Thanks to a reader, I was alerted to an article entitled “Taming the Billable Beast” by David Gialanella in the February issue of the ABA Journal. The article discusses how three firms are doing just that. How? you many ask:
- Harrison & Ford out of Atlanta has eliminated the billable hour requirements for first year associates, AND doesn’t charge clients for their time on a matter. (If you want to read more about this, take a look at my post entitled “Is the Billable Hour Now Dead?” of last August);
- Shepherd Law Group in Boston has done away with the billable hour completely “in favor of flat fees and fixed prices;” and
- Strasburger & Price in Dallas has reduced the billable hour requirement for first-years by 320 hours, and increased hours for on the job training.
It’s reported, and I would wholeheartedly believe, that clients and first-years love it, and it certainly should help with the perennial associate retention problem.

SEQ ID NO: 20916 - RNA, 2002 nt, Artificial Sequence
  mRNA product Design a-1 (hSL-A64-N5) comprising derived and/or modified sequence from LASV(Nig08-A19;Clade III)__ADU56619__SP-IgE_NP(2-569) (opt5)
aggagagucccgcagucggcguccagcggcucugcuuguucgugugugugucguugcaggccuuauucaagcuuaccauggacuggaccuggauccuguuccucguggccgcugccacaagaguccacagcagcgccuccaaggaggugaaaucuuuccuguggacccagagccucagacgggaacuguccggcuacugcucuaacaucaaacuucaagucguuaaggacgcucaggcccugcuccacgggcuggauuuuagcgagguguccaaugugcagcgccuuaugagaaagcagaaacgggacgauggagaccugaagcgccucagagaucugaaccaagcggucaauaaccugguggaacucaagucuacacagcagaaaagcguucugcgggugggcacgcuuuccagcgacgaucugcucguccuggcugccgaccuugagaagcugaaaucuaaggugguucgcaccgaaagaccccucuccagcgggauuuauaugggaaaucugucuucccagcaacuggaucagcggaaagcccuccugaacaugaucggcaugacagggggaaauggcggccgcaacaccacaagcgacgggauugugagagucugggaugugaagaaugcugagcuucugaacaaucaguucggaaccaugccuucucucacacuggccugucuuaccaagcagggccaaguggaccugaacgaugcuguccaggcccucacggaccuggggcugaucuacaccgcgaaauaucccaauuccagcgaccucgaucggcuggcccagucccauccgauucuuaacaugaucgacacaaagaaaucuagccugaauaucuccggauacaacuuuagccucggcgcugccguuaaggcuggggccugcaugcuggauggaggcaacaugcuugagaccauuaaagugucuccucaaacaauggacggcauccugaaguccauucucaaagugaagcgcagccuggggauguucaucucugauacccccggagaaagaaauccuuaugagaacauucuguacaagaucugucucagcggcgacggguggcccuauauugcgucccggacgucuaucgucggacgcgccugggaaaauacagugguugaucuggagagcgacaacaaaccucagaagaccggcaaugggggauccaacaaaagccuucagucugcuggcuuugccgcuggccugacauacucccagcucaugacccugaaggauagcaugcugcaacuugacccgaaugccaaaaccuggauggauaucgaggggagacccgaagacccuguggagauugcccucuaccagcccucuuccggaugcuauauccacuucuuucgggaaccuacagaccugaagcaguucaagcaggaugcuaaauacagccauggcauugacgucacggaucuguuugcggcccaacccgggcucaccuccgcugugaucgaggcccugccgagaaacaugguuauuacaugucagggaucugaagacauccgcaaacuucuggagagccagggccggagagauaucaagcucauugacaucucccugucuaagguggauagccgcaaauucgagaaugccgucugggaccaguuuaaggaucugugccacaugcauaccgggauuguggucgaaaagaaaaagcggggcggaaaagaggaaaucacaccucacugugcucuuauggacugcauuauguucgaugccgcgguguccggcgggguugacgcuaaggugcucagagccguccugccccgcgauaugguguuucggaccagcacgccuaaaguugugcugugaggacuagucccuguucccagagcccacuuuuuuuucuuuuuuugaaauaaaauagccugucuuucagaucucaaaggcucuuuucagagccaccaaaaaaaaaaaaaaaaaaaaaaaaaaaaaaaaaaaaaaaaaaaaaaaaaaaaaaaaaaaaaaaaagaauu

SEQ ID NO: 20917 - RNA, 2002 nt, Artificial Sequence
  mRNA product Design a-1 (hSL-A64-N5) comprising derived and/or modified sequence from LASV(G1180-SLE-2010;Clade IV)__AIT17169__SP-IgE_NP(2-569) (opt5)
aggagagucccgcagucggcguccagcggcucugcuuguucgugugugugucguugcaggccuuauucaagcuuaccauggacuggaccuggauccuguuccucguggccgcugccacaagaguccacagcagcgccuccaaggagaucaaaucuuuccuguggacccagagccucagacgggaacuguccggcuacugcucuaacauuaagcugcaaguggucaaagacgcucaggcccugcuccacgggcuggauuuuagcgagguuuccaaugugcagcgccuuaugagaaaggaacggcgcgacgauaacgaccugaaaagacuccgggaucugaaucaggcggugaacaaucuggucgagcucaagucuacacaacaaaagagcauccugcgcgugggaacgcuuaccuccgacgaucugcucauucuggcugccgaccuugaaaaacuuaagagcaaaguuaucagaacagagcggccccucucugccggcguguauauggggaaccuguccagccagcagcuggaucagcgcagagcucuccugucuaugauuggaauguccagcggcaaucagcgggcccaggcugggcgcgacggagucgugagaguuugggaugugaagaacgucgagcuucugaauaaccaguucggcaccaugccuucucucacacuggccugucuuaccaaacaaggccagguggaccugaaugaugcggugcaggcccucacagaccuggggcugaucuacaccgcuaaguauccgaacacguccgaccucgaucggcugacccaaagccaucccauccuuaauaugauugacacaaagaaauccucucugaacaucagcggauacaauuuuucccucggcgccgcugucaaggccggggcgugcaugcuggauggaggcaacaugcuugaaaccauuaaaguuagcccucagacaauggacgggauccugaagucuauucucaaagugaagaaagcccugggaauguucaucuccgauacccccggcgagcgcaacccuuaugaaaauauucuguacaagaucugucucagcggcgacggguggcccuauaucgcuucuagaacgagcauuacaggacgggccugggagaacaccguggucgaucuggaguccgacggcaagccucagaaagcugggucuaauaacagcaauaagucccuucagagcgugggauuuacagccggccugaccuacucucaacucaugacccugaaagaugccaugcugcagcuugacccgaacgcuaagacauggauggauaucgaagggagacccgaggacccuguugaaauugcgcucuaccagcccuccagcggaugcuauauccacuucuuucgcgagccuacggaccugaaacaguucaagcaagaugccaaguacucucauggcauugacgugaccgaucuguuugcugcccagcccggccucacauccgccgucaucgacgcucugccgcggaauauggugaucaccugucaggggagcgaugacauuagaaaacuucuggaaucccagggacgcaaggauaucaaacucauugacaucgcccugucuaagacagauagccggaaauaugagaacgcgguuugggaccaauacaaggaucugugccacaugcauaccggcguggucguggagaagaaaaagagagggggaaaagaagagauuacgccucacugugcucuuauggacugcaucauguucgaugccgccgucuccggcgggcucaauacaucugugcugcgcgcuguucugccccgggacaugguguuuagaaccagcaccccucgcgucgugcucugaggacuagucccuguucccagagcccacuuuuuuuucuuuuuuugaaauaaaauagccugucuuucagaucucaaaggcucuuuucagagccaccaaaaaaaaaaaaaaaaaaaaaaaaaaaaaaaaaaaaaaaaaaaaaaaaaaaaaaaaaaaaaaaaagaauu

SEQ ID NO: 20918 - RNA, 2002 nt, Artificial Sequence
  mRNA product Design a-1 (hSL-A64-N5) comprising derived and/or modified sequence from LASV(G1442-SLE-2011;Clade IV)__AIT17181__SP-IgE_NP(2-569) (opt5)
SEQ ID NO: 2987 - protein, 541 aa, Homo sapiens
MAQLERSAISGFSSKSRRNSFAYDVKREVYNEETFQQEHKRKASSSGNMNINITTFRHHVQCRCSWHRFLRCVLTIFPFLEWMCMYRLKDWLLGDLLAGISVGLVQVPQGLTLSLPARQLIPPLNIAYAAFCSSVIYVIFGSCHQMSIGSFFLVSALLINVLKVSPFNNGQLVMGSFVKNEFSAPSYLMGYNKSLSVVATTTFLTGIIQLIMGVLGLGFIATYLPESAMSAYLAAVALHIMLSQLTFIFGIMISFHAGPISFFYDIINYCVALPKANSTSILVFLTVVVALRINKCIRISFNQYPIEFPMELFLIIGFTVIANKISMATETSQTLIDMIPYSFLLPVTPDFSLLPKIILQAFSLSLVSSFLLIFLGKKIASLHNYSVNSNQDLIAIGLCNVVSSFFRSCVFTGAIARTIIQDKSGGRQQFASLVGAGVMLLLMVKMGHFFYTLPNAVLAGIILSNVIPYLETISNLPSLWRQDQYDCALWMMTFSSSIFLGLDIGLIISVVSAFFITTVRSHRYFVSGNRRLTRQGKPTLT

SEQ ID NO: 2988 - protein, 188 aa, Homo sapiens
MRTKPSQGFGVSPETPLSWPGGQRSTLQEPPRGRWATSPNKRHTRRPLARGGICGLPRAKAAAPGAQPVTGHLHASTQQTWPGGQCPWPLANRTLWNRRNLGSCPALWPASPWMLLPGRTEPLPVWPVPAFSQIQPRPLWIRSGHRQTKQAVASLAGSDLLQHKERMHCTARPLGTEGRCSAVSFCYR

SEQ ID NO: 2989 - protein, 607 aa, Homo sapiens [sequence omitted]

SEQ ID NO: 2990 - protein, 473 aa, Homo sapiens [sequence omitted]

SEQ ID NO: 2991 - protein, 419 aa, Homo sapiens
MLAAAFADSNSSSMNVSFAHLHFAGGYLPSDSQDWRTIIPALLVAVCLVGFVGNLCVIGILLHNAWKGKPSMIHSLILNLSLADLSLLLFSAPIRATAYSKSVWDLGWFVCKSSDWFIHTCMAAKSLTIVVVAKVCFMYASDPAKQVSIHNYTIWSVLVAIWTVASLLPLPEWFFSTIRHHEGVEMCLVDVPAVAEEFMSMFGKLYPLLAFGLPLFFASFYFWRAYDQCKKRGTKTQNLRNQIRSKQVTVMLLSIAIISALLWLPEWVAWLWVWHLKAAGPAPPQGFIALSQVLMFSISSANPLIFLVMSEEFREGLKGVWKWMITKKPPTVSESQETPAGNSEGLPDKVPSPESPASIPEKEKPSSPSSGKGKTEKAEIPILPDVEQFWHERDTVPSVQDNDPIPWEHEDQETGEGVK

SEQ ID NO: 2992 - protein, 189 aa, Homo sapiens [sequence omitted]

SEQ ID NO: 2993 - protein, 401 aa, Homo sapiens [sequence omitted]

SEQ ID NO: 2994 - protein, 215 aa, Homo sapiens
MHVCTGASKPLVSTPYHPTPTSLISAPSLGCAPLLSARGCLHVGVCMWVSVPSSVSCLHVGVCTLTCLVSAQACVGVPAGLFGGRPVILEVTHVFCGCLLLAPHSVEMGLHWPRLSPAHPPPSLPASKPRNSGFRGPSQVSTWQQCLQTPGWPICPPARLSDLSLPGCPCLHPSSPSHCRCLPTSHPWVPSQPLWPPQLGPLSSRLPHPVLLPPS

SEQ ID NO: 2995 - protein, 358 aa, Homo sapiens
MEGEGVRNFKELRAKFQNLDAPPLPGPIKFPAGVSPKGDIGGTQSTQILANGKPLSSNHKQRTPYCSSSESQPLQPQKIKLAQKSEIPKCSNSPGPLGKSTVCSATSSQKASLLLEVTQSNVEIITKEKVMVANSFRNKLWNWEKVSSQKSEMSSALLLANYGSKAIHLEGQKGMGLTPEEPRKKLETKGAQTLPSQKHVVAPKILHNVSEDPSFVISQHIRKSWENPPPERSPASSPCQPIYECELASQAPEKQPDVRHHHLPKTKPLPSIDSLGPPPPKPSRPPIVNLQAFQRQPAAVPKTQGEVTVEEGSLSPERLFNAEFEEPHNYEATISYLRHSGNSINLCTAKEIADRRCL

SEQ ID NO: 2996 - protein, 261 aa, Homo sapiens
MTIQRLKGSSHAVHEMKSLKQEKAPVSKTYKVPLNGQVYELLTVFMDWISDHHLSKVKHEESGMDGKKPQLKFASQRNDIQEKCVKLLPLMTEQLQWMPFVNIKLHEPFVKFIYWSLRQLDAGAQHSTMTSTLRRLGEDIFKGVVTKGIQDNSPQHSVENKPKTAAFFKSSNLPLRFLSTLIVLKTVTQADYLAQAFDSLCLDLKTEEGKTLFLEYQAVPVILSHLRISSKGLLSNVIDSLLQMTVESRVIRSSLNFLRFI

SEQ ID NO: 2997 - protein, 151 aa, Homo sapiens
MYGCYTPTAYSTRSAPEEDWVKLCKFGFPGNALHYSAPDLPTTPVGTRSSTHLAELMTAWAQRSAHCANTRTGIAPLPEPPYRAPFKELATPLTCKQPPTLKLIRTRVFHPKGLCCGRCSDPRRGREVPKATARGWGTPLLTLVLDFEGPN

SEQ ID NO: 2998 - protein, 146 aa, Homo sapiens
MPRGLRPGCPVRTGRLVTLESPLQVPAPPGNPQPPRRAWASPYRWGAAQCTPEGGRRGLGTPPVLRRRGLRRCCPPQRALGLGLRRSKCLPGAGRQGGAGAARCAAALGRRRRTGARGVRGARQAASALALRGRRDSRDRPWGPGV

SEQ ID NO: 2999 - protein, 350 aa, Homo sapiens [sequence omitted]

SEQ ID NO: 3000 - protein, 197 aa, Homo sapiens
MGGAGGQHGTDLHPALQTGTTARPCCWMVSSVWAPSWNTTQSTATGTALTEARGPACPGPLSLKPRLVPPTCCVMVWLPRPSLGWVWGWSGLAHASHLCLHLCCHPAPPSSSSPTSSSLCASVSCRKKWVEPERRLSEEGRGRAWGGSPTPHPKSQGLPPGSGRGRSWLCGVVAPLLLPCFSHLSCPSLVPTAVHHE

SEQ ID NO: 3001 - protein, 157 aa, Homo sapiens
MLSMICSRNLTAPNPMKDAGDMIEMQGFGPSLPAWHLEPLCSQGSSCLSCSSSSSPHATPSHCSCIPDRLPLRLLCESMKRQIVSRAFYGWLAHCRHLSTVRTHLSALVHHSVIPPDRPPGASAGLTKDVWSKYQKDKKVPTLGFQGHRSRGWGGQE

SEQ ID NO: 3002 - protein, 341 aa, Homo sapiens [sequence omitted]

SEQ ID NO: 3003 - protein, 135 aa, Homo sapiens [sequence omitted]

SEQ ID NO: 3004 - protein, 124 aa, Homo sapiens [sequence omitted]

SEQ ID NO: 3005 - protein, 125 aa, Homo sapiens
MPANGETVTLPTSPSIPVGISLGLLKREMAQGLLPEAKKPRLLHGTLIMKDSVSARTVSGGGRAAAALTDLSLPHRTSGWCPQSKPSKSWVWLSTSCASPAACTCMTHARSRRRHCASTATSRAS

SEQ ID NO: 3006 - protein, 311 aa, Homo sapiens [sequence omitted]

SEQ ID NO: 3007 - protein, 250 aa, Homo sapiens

One troubling point mentioned in the article relating to the Shepherd firm. And that is the statement involving CEO Jay Shepherd that “he denies secretly keeping track of hours spent on each case.” If the firm doesn’t do so, IMHO, it is being foolhardy based on the following simple reasoning:
- You can’t make a profit on fixed fees unless you know what your costs are;
- You can’t know what your costs are unless you know how much time (and other dollars) are consumed by the matter; and
- There is no way to know how much time is being spent on matters if you don’t keep track of hours!
So, either they are guessing which means they don’t have a clue what their profit margin is either, or the firm has some other means of determining costs that I am unaware of.
In any event, I commend the firms for addressing the billable hour problem. I have long advocated dropping the billable hour (that doesn’t mean you don’t track working hours internally) for fixed fees as a legal marketing strategy. Moreover, it seems that reducing the billable requirements for new associates has benefits as well – in terms of training, associate and client retention, and business development. That’s a win-win-win all firms should consider.